The Nucleus Accumbens: Involvement in the Modulation of Memory for Arousing Events
Kerfoot, Erin C., Department of Psychology, University of Virginia
Williams, Cedric, Department of Psychology, University of Virginia
Some of the key factors that contribute to many memory disorders involve either a reduced or exaggerated capacity to experience arousal. These outcomes are related to impaired neurotransmitter release in brain areas that process memory such as the amygdala and hippocampus. Although there are multiple pathways that emotionally arousing information may be consolidated into memory, very little attention has been devoted to identifying how norepinephrine release in the nucleus accumbens contributes to this process. Of particular interest to this project is the shell region of the accumbens because it receives noradrenergic terminals exclusively from neurons in the nucleus of the solitary tract (NTS) that convey information regarding increased peripheral autonomic and neuroendocrine activity in response to emotionally arousing events. Noradrenergic input from the NTS may contribute to enhanced memory for emotional events by increasing responsiveness of accumbens neurons to the constellation of inputs transmitted to this area from the amygdala and the hippocampus. A major theme of the proposed studies is that the multitude of inputs that converge upon the accumbens during learning, places this structure in an ideal position to integrate and bind information regarding the individual features of learned events into memory storage. Thus, studies discussed in the dissertation were developed to examine specific elements of this central hypothesis.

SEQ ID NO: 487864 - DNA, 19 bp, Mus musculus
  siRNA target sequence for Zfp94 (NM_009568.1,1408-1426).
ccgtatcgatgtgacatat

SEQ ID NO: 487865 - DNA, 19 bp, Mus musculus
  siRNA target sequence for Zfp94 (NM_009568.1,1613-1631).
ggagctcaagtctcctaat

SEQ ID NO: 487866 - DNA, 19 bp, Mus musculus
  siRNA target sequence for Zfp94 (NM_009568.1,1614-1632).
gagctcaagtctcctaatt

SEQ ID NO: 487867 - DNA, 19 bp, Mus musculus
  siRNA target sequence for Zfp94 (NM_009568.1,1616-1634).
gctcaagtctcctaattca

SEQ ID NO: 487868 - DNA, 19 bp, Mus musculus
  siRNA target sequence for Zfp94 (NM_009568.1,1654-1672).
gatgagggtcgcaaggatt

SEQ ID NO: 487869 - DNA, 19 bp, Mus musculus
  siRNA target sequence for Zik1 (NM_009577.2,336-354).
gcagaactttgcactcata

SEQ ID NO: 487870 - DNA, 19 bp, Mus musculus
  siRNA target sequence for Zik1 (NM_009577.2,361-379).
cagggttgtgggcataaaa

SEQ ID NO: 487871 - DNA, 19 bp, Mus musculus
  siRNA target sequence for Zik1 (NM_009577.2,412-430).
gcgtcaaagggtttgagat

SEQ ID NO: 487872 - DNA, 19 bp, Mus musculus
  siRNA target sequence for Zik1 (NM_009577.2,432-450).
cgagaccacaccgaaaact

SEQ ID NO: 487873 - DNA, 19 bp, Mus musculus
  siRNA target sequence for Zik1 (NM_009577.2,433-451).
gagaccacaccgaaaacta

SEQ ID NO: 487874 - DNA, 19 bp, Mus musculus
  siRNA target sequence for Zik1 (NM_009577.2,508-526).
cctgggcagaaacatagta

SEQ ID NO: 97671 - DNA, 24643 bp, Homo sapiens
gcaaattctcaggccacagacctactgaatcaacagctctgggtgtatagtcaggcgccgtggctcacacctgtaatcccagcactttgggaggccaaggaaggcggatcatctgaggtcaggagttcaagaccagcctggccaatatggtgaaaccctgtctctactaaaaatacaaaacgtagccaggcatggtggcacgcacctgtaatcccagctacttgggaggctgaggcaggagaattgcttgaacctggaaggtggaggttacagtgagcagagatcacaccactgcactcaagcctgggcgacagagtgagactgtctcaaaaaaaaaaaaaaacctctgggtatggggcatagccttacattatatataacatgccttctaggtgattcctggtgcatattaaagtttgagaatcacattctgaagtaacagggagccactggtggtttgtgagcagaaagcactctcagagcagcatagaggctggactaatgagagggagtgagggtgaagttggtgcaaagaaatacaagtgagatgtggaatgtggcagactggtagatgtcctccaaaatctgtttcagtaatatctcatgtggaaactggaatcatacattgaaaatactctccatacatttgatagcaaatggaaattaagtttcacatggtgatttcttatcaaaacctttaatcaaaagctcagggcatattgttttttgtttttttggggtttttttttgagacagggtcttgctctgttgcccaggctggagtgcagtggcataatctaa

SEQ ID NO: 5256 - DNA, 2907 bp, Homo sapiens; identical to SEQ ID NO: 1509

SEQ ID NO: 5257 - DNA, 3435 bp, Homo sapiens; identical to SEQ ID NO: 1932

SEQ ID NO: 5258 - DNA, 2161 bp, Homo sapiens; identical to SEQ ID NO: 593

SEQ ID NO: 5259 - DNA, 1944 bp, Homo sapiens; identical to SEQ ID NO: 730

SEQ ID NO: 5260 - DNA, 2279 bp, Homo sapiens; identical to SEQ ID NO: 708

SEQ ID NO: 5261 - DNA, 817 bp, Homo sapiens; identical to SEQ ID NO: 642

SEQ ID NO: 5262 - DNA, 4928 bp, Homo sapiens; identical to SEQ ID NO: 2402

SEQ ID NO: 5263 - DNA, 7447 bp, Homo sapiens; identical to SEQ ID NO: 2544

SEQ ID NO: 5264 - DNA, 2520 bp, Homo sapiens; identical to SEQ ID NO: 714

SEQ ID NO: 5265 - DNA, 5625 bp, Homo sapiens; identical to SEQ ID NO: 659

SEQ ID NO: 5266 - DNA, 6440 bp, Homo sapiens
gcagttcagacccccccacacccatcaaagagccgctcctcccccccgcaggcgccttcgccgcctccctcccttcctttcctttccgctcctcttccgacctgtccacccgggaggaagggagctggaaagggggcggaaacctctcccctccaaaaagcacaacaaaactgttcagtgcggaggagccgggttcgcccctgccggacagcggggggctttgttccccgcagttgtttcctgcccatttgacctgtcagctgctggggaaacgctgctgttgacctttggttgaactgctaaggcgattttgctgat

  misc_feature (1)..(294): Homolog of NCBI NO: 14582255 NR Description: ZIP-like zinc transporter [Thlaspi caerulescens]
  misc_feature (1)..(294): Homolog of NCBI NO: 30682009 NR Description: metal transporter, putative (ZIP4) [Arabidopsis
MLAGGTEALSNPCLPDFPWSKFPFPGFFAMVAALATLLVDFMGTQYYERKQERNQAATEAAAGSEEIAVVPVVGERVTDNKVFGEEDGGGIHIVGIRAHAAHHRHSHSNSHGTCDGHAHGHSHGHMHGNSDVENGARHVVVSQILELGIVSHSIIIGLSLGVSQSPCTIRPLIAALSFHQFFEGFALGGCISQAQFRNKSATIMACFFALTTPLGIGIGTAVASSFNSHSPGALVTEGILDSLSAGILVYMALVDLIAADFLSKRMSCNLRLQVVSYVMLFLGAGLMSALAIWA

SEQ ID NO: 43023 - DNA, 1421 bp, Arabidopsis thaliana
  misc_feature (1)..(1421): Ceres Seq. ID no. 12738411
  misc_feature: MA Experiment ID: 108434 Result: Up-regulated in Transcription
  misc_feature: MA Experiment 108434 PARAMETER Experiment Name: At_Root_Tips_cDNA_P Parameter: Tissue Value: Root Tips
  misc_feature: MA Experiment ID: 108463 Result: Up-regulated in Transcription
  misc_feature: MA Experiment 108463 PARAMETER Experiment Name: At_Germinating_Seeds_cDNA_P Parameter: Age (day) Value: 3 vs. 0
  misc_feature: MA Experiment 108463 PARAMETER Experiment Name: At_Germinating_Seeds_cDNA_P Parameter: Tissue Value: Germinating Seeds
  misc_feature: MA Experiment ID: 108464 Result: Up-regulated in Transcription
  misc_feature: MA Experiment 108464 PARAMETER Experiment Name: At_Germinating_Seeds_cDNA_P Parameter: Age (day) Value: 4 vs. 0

The dissertation consists of five main chapters. The first presents background literature representing the foundation and rationale for conducting the proposed studies. Chapter 2 examines whether a functional relationship exists between noradrenergic A2 neurons and the nucleus accumbens shell in processing memory for emotional events. Findings from this chapter are the first to identify the specific noradrenergic receptor subtype in the nucleus accumbens shell that mediates the beneficial actions on memory produced by chemical stimulation of NTS neurons.
Experiments in Chapter 3 were integral in demonstrating that accumbens shell neurons play a fundamental role in consolidating converging information initially processed by the amygdala and hippocampus. These experiments also reveal that separate limbic structures provide a unique contribution in creating different representations in memory of an emotionally arousing event. Chapter 4 further investigates the integrative role of the accumbens in processing limbic information. These studies addressed a possible mechanism by which glutamate released from amygdala or hippocampal inputs may facilitate noradrenergic neurotransmission in the accumbens shell to modulate memory storage. Collectively, these findings indicate that, along with the amygdala and hippocampus, the shell division of the nucleus accumbens provides a critical contribution in integrating and consolidating information following learning. More importantly, the data presents a mechanism by which information emanating from these key limbic structures interacts with noradrenergic signals from the NTS. Implications and significance of these studies are discussed in Chapter 5.
PHD (Doctor of Philosophy)
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